8 Answers | Add Yours
Despite their roles as adult counselors, neither Friar Lawrence nor the Nurse offer good counsel to the young people who seek their advice. Friar Lawrence does not serve Romeo well as a counselor when he agrees to marry the young couple. He is clearly thinking more about settling the feud than what is prudent for a young, lovestruck, and impetuous Romeo. He does not serve Juliet well as a counselor when he abets her in a plan to thwart her parents' authority, a plan that does not seem particularly consistent with his hope to end the feud. The plan is also physically risky, first regarding Juliet's life and second regarding a message getting to Romeo in a timely manner. The entire plan is fraught with possible problems.
The Nurse gives Juliet terrible counsel. First she assists her young charge in deceiving her parents without any real thought or deliberation or even discussion. Juliet wants Romeo so she helps Juliet get him. This romanticized behavior is understandable in Juliet but not in her adult counselor. Once Romeo has been banished, the Nurse gives Juliet equally bad advice--forget the marriage vows she made to Romeo because he is gone and make new ones with Paris because he is a fine man. She is just not reasonable and her counsel is neither mature nor consistent.
Lord Capulet and Friar Lawrence share the same weakness; that is they overstep their boundaries in their attempts to be problem solvers. These two seek hero status by trying to wield their influence to solve what they see as the greatest problem. The Friar does this when he marries Romeo and Juliet, thinking he will be able to act as the liason between the two rival families by explaining that now that the two are married, the family is one and the feud will have to stop. Of course, his plan goes astray and fails.
Lord Capulet can't stand to see his family so depressed after Tybalt's death, so he comes up with a not too well thought out plan to have his daughter marry Paris figuring it would take their minds off of their loss and focused on the joyous occasion of the wedding. Not only would such an action probably not heal the hurt the family felt, but it sends Juliet over the edge to the point she is willing to fake her own death and leave her family forever. This is another example of a tragedy caused by the overriding need to be a problem solver.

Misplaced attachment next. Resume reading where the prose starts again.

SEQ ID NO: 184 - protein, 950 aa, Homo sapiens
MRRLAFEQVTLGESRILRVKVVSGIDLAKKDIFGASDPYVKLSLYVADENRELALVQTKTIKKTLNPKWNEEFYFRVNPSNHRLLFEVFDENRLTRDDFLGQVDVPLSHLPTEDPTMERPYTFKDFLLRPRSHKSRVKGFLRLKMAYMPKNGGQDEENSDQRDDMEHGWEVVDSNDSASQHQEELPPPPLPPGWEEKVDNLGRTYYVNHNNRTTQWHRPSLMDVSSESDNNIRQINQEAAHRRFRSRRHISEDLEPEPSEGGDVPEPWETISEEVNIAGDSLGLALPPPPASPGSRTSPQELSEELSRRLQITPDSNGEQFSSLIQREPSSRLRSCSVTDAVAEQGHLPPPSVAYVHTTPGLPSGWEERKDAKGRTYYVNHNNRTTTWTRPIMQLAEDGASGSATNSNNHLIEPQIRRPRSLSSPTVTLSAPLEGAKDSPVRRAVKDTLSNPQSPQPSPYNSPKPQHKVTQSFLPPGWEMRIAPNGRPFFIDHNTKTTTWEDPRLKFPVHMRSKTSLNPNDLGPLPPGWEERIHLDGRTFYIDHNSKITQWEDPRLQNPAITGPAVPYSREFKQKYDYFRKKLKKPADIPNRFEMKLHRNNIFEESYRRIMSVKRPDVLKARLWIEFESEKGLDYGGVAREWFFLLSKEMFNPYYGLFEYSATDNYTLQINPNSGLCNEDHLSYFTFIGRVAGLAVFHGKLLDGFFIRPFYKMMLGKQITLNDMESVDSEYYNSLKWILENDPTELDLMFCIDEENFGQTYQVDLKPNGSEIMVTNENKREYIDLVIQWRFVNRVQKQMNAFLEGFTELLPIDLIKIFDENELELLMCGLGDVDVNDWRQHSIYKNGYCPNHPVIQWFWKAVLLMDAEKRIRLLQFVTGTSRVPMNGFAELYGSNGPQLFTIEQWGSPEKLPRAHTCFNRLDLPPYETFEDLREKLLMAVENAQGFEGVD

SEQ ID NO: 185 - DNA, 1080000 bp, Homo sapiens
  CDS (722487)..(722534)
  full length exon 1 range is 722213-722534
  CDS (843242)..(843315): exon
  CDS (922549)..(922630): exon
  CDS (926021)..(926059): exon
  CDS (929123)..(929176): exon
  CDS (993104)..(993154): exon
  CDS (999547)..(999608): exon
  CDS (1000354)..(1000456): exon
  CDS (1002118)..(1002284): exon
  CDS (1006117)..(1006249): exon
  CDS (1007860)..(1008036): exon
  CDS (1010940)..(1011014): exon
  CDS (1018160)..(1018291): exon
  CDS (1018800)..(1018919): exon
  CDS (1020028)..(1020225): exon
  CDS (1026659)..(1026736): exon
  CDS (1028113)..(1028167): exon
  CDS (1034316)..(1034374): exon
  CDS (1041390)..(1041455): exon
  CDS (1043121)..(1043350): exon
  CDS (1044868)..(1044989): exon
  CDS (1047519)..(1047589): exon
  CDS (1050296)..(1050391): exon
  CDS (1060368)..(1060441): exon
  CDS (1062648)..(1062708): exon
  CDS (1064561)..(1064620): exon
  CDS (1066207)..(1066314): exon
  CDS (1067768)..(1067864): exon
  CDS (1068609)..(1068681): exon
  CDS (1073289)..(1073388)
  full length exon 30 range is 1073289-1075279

When we judge these characters, we do so from the perspective of a modern societal mindset. One of the flaws of Juliet, based upon the time of the play, is that she broke her family's legal commitment to Paris. This would have been inexcusable in most circumstances, but Lord Capulet explains to Paris, that he let Juliet make the choice. Of all the young men presented in her circle as acceptable Capulet thought Paris was the best, but Juliet also agreed to it.
The main characters would fit well into the twenty-first century as there is no deliberateness about them and little loyalty. Romeo does not consider the consequences of falling in love with the daughter of his enemy, Juliet forgets the danger in her passion for Romeo, and Friar Laurence thinks he is above the law with his actions regarding the marriage of the two youths and his plan for Juliet. In addition, the Nurse does not consider the consequences of advising Juliet to become a bigamist.
When the star-crossed lovers are in difficulty, the Nurse does not defend Juliet to her parents as they berate her;nor does the Friar aid Juliet after she awakens in the tomb; instead, he flees.
Lord and Lady Capulet don't listen to their daughter or give her credit for knowing her own mind. They arrange a marriage for her (which may have been "done" in that time) but then dismiss Juliet's complaints about the match. They are only concerned with what the family's have to gain from the marriage and for having control over Juliet.
Tybalt's weakness is the easiest of these. The man is a complete hothead with no real ability to control himself. He has an intense hatred for the Montagues and for Romeo in particular. This hatred and this inability to control himself is what leads to his death.
We’ve answered 324,712 questions. We can answer yours, too.Ask a question